Come Play in the BWCA

Outdoor play is good for you and your kids. Why not plan an end of the summer BWCA trip where you can play outdoors together? Think of all of the fun things you can do while you’re on a canoe camping trip with a kid.

  • Swimming and tons of associated water games like Marco Polo
  • Stick and pine cone baseball
  • Hackey Sack with a pine cone or real one
  • Skipping rocks
  • Catching crayfish or regular fish
  • Finding spiders, frogs and other fun insects
  • Stargazing and making up silly songs around the campfire
  • I Spy

The games you can play are endless just like the benefits of time in the wilderness are too numerous to count. If you can’t make it to the BWCA then at least make some time to play outdoors before school starts whether or not you have a kid.

Boundary Waters play
Play in the BWCA


Nature play at home

Being outdoors is great for kids. Studies summarized by the National Wildlife Federation show that kids who spend regular time playing outdoors are more likely to be:

Great students and learners
Able to get along well with others
More creative and curious
Good problem solvers
Generally healthier and happier overall!
As a parent of two young boys, I can also tell you that nature play is relaxing and fun! Here are the basics, as well as some great resources to get you started.

Authentic nature play is unstructured, imaginative, and open-ended. It encourages experimentation and observation. It also includes an element of age-appropriate risk-taking. Risk taking can be as simple as climbing, balancing, and jumping from a new height.

While away-from-home nature areas might create some wonderful memories, you don’t have to travel away from your home to get the benefits of nature play. With a few simple additions, a backyard can include lots of the “good stuff” that is a part of nature play.

Nature play at home can include things like:

Loose parts, like piles of rocks, sticks, or leaves
Construction materials, like sticks, poles, straw bales, tarps, boxes, and 2x4s
Tools, like shovels, buckets, and rope
Mud, dirt, or sand
Hiding spaces
Balance logs and stumps
Small characters or props for ‘fairy villages’
Swings, hammocks, and other places for relaxing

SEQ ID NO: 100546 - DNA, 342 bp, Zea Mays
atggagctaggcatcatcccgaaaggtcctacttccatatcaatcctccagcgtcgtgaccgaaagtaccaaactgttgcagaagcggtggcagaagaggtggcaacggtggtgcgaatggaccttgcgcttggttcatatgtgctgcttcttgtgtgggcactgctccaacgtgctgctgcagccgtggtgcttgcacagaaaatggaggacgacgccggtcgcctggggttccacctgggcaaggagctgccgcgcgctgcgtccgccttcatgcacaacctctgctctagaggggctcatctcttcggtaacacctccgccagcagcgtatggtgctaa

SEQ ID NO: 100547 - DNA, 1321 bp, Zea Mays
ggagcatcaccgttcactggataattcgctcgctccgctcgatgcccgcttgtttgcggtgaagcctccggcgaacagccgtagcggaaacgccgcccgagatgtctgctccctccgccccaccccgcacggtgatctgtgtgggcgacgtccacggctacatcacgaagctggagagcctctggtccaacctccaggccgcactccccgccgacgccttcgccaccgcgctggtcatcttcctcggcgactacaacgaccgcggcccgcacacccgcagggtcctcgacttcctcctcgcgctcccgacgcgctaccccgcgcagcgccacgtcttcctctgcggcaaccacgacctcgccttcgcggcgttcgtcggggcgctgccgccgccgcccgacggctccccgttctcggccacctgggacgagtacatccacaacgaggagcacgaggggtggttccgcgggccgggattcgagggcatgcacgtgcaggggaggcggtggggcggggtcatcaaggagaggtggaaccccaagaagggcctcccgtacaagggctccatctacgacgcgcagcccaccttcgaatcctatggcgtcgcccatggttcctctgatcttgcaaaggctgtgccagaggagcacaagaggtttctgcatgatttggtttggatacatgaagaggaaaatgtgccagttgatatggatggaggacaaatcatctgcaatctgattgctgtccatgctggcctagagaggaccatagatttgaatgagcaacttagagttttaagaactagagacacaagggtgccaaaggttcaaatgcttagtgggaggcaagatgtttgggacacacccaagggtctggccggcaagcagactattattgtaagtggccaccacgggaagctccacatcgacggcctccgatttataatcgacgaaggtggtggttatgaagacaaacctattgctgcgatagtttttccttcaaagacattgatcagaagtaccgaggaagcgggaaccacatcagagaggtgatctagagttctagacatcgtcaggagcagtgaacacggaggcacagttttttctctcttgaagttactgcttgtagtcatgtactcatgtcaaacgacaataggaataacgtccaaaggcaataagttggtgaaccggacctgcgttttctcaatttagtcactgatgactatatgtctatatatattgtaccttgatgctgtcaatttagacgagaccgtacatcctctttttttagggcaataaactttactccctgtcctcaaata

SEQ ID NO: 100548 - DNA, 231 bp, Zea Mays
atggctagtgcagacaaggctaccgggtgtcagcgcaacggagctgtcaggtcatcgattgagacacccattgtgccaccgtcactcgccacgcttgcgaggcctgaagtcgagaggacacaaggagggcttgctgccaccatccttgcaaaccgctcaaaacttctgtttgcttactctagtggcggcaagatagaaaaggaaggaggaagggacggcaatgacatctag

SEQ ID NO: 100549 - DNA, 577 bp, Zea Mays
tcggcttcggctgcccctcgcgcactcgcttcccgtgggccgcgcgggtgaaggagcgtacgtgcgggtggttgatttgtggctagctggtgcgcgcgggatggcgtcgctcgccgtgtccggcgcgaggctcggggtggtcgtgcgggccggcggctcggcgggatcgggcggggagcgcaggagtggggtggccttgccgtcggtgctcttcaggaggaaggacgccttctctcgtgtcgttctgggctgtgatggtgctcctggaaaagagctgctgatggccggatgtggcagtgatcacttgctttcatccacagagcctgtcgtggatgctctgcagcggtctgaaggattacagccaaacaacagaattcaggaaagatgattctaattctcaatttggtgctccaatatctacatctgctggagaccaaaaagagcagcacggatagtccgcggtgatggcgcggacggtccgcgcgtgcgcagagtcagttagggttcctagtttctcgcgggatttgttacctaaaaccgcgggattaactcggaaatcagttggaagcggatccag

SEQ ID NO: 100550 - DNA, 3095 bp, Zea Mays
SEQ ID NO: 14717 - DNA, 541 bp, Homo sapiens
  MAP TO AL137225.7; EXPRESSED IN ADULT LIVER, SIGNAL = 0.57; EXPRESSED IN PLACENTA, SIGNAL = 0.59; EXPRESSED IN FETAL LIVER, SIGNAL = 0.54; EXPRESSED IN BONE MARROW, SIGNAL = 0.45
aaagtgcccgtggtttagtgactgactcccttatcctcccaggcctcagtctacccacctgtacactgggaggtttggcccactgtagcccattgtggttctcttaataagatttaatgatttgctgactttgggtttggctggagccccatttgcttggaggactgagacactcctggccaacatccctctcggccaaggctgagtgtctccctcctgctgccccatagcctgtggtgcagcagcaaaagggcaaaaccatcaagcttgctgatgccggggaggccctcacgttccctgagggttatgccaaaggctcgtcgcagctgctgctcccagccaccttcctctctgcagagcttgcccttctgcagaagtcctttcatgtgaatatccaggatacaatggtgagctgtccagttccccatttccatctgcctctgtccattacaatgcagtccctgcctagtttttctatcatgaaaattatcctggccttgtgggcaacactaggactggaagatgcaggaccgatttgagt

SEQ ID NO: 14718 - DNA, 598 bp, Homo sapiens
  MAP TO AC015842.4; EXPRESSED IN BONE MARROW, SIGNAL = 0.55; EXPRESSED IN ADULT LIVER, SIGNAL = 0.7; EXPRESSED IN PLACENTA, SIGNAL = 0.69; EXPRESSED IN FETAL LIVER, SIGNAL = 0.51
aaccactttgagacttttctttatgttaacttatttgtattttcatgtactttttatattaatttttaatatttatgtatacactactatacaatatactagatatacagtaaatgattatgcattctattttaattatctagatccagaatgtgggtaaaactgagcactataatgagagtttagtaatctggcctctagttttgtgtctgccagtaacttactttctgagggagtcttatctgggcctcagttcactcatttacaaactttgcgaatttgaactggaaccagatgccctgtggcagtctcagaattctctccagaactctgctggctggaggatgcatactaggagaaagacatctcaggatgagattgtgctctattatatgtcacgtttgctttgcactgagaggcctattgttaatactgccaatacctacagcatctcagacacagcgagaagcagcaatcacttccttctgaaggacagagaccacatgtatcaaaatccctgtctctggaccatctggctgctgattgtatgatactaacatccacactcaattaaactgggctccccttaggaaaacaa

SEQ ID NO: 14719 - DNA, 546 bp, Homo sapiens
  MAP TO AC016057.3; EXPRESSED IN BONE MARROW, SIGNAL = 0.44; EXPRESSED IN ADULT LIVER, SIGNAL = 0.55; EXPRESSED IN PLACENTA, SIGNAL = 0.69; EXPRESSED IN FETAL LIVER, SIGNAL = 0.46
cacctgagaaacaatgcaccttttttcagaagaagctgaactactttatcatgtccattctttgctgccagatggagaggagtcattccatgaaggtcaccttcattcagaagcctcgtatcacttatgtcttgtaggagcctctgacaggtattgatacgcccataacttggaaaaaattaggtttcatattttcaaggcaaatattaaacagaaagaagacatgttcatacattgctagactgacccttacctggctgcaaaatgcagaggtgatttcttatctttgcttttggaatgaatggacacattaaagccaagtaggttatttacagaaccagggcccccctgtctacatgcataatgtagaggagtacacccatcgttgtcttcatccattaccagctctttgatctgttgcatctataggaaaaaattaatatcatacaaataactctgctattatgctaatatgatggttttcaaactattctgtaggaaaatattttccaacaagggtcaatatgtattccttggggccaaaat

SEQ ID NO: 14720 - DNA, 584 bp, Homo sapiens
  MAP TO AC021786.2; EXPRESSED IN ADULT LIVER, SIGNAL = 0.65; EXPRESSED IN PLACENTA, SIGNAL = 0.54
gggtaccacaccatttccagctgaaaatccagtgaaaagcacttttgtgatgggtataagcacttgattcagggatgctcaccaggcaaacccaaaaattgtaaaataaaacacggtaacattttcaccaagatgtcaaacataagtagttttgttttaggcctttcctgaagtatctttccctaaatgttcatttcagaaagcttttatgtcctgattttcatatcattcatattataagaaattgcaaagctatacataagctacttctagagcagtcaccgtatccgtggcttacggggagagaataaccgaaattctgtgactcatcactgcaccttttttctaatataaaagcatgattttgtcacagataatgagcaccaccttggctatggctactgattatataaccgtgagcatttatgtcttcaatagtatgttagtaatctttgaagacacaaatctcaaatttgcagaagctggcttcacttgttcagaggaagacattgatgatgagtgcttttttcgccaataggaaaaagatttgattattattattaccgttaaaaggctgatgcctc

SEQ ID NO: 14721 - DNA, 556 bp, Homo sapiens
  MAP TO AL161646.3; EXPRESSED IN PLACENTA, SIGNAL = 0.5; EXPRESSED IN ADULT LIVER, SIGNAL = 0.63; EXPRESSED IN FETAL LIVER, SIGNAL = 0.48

One of the most inspirational guides I’ve read about nature play at home is the National Wildlife Federation’s guide for Nature Play at Home. Every time I look at it, I get new ideas! You can also find great resources on the Minnesota DNR’s Arbor Month page.

There are small adjustments to be made as you let your kids play in this way. For example, I’ve learned not to worry when the sand leaves the sand box. I’ve decided to allow the kids to dig a big hole in the yard, but I chose where to let it happen. I’ve let the kids harvest ‘herbs’ as a part of their imaginative games even if it means some of my plants take a beating. And, as the parts, pieces, forts, and rock piles move around it is certainly a bit messier than my pre-kid yard, but not any messier than most of my life. I smile (and take a seat on the porch steps) when I see how engaged and focused my sons and their friends can be in this environment.

Small spaces work too

Remember, even when space is limited there are creative nature play ideas to adopt. Balconies are usually big enough for potted plants, a fairy village, a vine tee pee growing out of pots, or a small sand box.

Ideas for winter

Snow play is a wonderful form of nature play. Mittened hands can still play with loose parts, branches, stumps and ropes. When the cold brings you in, bring nature play inside:

Bring loose parts inside. Fill baskets with rocks, tree slices, leaves, acorns, and other things you collect. They can be used as props for any storyline your young ones create.
Make an indoor sandbox.
Bring snow inside in a tub to play with. Try painting it with watercolors, like this.

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